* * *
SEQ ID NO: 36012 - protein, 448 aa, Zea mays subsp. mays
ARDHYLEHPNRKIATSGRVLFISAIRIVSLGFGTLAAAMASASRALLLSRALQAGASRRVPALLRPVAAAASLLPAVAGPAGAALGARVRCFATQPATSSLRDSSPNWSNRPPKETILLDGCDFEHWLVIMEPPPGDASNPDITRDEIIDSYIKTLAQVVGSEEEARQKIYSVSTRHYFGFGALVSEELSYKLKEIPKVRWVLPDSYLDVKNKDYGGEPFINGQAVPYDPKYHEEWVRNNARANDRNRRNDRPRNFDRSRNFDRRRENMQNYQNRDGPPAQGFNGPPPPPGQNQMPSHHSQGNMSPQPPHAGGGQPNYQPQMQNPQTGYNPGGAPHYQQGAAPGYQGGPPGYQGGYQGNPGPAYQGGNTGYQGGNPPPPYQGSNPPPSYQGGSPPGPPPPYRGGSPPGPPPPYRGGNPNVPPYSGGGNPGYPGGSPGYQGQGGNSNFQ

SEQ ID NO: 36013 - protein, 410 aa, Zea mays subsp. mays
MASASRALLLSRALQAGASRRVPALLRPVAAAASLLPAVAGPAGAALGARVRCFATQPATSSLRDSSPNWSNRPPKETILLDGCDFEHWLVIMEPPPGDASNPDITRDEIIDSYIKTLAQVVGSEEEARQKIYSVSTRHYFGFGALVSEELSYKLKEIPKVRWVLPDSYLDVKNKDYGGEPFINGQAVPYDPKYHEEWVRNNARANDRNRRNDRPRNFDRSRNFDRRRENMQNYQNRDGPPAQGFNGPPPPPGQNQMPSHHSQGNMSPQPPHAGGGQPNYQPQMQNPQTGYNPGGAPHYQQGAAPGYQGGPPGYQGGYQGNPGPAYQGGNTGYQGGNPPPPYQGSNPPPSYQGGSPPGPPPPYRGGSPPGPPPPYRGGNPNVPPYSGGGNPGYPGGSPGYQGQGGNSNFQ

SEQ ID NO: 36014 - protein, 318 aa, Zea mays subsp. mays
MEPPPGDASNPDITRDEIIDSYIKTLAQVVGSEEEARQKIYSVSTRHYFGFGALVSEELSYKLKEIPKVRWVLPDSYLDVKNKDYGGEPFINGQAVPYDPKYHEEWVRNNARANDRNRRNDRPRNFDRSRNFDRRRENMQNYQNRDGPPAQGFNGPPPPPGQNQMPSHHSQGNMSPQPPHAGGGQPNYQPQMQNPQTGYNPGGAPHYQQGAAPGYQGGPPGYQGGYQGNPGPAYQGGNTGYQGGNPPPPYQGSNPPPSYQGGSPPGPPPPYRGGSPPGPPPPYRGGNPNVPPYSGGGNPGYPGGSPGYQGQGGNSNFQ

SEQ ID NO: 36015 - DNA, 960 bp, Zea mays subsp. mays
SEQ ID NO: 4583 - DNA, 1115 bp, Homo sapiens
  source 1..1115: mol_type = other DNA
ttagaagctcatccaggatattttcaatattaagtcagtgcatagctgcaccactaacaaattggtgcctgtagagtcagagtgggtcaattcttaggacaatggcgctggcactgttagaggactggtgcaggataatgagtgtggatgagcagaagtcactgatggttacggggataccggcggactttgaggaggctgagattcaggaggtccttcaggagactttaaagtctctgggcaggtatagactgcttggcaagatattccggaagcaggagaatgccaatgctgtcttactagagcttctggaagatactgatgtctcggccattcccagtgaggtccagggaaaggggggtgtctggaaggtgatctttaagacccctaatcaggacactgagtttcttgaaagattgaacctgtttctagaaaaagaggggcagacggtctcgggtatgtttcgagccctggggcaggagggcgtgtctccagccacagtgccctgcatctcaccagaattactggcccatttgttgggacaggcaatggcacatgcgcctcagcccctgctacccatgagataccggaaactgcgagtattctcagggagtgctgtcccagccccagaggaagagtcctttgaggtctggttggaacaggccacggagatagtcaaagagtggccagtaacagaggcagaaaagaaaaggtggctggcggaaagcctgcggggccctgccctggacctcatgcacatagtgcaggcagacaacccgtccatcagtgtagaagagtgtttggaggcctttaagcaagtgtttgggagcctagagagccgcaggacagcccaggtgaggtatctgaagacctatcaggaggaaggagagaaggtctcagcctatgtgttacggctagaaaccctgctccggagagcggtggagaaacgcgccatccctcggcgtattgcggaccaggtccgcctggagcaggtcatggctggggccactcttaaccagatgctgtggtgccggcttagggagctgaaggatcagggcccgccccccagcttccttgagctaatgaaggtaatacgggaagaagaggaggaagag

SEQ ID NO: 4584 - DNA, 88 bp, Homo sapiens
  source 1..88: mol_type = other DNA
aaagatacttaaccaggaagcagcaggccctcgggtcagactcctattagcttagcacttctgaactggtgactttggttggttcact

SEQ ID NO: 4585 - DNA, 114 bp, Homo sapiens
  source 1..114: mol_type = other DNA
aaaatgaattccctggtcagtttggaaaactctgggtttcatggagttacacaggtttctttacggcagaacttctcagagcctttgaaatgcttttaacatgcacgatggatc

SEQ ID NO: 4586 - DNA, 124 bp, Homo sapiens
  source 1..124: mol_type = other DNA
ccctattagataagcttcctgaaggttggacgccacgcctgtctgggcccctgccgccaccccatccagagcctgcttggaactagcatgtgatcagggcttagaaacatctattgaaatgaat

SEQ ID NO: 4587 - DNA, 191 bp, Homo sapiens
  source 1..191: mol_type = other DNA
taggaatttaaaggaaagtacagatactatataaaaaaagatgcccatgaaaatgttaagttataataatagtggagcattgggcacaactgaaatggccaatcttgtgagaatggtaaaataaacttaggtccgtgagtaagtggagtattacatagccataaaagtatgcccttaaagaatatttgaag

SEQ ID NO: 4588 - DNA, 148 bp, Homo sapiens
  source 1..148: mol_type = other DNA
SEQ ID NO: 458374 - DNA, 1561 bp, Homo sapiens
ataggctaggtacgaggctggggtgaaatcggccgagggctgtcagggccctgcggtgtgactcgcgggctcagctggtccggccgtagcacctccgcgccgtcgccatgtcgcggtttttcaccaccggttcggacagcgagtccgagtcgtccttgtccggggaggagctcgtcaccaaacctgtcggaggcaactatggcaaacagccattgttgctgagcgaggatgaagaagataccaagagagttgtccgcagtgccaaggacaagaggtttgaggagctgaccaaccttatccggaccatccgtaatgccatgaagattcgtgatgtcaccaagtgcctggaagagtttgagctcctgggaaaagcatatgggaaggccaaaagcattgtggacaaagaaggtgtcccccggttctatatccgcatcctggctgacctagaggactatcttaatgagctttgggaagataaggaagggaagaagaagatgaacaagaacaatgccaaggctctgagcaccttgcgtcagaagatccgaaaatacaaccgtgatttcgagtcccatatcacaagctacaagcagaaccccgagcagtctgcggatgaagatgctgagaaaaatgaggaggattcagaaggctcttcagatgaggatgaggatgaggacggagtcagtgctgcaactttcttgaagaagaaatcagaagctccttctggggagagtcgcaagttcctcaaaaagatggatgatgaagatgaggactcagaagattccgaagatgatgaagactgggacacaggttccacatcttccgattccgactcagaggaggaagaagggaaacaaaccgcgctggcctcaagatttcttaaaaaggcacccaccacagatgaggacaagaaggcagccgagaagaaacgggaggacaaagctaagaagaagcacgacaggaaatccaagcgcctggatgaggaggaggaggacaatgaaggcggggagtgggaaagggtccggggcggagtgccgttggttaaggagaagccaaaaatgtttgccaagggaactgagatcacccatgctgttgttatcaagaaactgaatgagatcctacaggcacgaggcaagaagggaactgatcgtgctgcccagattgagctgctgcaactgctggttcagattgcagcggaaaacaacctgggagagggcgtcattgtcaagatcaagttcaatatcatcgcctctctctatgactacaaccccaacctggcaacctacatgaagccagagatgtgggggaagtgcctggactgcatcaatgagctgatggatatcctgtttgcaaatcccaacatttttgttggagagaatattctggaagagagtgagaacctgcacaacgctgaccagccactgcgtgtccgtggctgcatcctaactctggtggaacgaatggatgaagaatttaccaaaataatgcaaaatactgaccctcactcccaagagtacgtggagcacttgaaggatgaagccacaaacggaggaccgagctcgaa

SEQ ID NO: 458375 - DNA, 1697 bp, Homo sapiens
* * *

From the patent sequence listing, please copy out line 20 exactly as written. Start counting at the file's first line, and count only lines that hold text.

SEQ ID NO: 4587 - DNA, 191 bp, Homo sapiens